My Mom lives in a small historic town full of old houses and families whose lineage traces back to the founding of the town. However, rules and regulations are as much a part of that town as the sidewalks they walk and the antique chifforobes they hang their clothes in.
Doing some research for Mom about her small town, York, South Carolina, I found something that amazed me in the town’s ordinances. The ordinances of her town state in part:
“The discharging of firearms within the city, the discharging or shooting of air rifles in the city and the discharging or shooting of toy guns on any of the streets of the city is prohibited; provided, however, that the city chief of police [sic] is authorized to issue temporary permits permitting the discharge of firearms and air rifles within the city, if in the opinion of the chief of police [sic], such permission is necessary to protect property within the city from animals or fowl. The permit must state the purpose for discharging firearms, or air rifles, briefly describe the property to be protected, set forth the date such discharging is permitted and shall be issued only to a person 21 years of age or older who has a valid hunting license. [my bolding and italics]”
I kid you not: “shooting of toy guns” and the Chief of Police needs to issue a permit. “Toy guns” is not defined within the ordinance the “toy guns” statement could cover everything from paint ball guns and cap guns to water pistols. Water pistols are “discharged” or “shot” to make the water come out: so a water pistol is included.
In the City of York, a seven-year-old has to have a permit from the Chief of Police in order to go outside and have a squirt gun fight with his six-year-old brother if they leave the confines of their own yard. That’s IF the Chief of Police considers a squirt gun fight necessary for the protection of property within the city from animals or fowl. That’s what the ordinance says. Unbelievable.
The whole idea is repugnant to me. A portion of the Second Amendment states,
“the right of the people to keep and bear arms shall not be infringed.”
Would the City of York, SC, even recognize those words: even for a squirt gun? Or maybe the words don’t apply to kids playing with squirt guns in the City of York. Of course, why would the Second Amendment apply?
Our Founding Fathers admittedly did not have squirt guns in mind when they wrote the Second Amendment. I seriously doubt that they even thought of the concept of squirt guns. Maybe that’s the reason City of York accepts the limitations?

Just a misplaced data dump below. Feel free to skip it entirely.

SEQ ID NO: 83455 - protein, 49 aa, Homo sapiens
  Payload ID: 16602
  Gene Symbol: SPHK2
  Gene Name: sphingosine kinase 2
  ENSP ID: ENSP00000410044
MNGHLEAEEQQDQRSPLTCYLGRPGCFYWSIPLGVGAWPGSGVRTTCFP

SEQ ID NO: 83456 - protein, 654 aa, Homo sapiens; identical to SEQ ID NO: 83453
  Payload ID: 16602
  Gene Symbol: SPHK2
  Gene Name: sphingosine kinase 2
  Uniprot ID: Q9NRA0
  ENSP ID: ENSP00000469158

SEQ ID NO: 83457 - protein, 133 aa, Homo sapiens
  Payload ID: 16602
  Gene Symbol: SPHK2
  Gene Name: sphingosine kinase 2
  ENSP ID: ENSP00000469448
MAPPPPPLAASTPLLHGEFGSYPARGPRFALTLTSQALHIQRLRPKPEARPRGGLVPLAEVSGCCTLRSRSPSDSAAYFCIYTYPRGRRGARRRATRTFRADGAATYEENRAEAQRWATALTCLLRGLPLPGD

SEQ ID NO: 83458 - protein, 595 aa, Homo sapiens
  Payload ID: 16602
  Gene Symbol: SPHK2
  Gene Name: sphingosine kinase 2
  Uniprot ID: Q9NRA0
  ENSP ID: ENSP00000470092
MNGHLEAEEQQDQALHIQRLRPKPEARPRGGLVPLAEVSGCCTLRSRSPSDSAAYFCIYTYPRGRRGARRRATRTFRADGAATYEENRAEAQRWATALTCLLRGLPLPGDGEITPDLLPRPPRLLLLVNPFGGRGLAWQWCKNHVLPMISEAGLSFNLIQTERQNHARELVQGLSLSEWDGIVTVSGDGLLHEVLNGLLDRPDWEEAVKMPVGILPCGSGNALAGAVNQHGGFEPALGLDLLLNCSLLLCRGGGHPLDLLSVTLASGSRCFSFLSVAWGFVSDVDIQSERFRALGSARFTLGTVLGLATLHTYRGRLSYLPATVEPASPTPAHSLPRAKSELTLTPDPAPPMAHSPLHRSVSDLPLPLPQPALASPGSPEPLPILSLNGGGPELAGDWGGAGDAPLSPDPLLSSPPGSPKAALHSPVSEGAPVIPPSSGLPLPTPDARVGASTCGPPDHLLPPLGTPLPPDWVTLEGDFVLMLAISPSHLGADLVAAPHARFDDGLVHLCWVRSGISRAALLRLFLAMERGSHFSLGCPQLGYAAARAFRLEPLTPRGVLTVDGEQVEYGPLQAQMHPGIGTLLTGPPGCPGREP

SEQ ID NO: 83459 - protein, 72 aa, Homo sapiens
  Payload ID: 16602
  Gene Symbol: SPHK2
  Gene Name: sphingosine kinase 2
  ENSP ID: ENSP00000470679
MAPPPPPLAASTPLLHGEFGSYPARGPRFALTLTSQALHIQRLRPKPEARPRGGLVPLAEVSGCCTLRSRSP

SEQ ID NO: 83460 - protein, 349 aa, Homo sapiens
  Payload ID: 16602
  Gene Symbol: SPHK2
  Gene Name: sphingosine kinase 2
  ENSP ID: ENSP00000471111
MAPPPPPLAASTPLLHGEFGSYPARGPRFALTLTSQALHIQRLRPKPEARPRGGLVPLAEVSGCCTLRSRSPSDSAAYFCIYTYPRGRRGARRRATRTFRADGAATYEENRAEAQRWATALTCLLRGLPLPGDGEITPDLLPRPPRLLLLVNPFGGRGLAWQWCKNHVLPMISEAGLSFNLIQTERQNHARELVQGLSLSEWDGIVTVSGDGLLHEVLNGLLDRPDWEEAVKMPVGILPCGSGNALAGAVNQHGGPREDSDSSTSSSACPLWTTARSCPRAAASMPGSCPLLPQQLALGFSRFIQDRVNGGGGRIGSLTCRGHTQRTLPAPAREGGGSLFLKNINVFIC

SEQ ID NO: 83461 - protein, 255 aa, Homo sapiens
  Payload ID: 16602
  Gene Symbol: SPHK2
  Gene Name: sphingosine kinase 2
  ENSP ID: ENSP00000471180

Why else would they do something like that? Was this ordinance in reaction to a specific incident that happened years ago and the ordinance just hasn’t been amended yet? Or could it be that it’s part of the effort of the left to make our children afraid of guns? An effort to make them part of the hate gun crowd so that they won’t want a Second Amendment right when they’re older?
To tell you the truth, their motivations are not the problem. The problem is the fact that the law exists. The limiting of even “toy guns” limits freedom from a very young age.
It limits freedom and gets our children used to the idea of being incapable of “discharging” or “shooting of toy guns”: which leads to the acceptance of limits on the Second Amendment when they are adults. Limited freedom — of any sort — in childhood leads to acceptance of a limited freedom as an adult. If they grow up that way, they’re less likely to know what they don’t have.
When you have a law that limits even children having a squirt gun war that may leave their own yard and wander into the empty lot next door, across the street into their friend’s yard, or anywhere else within the city limits without a permit from the Chief of Police, there’s a problem with freedom in America.
“The only thing necessary for the triumph of evil is for good men to do nothing” — Edmund Burke
In York, it looks to me as though the good men have all done nothing. This in the state of Nikki Haley?